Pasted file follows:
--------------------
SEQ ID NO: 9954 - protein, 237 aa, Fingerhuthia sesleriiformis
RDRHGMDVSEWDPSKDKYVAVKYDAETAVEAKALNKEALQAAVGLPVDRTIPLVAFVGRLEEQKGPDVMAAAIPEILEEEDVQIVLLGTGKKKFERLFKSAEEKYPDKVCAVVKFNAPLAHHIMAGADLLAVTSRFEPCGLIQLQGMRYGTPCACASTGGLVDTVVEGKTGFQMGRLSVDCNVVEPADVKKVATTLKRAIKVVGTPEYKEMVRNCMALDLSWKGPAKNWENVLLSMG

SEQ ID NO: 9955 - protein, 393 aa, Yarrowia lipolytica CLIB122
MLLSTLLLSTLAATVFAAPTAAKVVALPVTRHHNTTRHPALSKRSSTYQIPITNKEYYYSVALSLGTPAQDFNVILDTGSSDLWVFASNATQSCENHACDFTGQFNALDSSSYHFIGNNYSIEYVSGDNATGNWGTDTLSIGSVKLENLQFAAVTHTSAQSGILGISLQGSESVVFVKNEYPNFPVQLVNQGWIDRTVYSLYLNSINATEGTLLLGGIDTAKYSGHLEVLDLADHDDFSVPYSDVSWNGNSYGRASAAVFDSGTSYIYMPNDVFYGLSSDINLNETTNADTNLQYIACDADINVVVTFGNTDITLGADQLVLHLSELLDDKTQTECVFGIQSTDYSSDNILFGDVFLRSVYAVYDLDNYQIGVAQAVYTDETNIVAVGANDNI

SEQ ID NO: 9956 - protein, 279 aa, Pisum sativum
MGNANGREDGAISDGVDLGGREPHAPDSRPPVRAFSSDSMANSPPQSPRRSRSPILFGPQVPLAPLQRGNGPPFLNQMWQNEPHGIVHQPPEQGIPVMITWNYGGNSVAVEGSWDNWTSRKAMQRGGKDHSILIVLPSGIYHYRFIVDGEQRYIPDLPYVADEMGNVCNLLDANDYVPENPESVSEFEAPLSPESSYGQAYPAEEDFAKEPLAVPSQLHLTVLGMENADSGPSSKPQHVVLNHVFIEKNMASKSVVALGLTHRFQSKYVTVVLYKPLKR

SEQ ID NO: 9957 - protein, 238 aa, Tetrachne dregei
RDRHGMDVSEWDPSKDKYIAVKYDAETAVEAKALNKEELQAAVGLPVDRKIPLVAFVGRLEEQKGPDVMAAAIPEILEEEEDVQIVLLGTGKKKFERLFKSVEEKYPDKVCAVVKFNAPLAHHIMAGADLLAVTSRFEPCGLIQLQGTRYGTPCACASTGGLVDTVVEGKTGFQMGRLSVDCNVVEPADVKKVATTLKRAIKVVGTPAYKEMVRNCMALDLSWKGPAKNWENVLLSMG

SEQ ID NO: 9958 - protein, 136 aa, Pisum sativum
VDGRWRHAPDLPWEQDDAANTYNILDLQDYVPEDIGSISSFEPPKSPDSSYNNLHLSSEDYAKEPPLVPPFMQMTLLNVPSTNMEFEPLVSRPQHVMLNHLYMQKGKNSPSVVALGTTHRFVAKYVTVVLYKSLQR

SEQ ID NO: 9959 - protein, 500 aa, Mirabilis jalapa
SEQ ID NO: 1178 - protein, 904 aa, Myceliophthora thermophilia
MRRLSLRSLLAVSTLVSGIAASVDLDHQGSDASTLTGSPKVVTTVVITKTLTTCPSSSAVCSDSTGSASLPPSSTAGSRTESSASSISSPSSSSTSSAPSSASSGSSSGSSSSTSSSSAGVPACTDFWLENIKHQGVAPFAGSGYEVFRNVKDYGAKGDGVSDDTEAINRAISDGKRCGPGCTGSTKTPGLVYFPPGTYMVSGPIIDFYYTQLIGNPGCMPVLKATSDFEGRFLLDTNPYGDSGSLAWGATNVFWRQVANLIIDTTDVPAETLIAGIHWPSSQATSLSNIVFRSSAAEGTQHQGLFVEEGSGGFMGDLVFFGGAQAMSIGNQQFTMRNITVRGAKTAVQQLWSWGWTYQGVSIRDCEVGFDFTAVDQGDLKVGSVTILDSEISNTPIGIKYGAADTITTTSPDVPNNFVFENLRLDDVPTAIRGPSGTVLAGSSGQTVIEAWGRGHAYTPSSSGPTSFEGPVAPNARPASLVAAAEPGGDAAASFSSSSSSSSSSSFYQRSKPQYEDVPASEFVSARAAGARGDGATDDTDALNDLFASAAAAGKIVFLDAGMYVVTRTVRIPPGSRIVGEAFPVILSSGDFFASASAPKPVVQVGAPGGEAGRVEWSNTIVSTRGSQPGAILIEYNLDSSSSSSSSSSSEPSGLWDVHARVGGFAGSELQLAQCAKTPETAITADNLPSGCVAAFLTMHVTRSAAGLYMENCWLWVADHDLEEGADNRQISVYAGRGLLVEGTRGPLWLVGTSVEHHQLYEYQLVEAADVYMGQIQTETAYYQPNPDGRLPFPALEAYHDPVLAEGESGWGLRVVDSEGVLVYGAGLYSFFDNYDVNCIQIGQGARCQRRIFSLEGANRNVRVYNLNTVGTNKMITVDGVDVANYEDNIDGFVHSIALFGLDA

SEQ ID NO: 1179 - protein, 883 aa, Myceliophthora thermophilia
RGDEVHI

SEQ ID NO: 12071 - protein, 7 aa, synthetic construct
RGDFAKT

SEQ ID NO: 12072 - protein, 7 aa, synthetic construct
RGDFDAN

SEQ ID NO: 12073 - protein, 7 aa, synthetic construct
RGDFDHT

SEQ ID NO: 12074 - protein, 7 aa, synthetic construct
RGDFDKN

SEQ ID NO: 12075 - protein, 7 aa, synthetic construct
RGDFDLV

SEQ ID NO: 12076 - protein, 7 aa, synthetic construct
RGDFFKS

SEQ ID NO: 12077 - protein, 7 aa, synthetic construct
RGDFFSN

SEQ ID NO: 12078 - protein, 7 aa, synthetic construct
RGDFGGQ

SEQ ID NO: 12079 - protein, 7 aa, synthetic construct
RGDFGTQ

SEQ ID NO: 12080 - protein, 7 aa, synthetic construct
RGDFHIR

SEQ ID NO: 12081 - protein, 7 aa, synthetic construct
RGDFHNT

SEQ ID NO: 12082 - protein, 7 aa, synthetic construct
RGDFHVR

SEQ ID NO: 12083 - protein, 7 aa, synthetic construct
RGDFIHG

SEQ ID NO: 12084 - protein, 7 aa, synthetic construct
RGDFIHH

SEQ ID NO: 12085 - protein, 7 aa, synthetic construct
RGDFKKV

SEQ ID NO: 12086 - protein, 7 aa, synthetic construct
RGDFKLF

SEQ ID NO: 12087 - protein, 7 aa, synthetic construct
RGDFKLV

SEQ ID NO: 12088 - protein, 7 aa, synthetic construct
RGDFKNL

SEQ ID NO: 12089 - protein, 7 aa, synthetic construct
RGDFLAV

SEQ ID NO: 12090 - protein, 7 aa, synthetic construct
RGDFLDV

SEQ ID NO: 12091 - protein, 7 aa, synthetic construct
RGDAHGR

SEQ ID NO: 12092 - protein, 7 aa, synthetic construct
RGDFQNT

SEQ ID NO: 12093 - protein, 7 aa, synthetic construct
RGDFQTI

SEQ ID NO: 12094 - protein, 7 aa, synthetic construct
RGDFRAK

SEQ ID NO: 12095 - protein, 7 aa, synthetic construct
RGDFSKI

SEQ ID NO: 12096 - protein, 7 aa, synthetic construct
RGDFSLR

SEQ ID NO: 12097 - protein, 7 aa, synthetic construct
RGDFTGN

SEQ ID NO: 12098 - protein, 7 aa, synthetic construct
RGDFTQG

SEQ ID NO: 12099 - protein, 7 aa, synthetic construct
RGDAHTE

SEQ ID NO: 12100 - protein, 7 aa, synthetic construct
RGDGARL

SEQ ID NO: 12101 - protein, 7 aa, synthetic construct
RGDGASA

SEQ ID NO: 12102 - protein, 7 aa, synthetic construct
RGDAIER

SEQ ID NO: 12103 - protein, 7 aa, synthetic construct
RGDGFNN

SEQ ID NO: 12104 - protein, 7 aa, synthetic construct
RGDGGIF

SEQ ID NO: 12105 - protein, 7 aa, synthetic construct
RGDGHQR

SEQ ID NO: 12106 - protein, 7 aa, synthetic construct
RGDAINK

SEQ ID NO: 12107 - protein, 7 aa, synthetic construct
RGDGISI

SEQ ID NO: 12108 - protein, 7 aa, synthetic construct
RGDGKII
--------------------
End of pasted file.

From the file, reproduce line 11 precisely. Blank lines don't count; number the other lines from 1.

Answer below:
SEQ ID NO: 9959 - protein, 500 aa, Mirabilis jalapa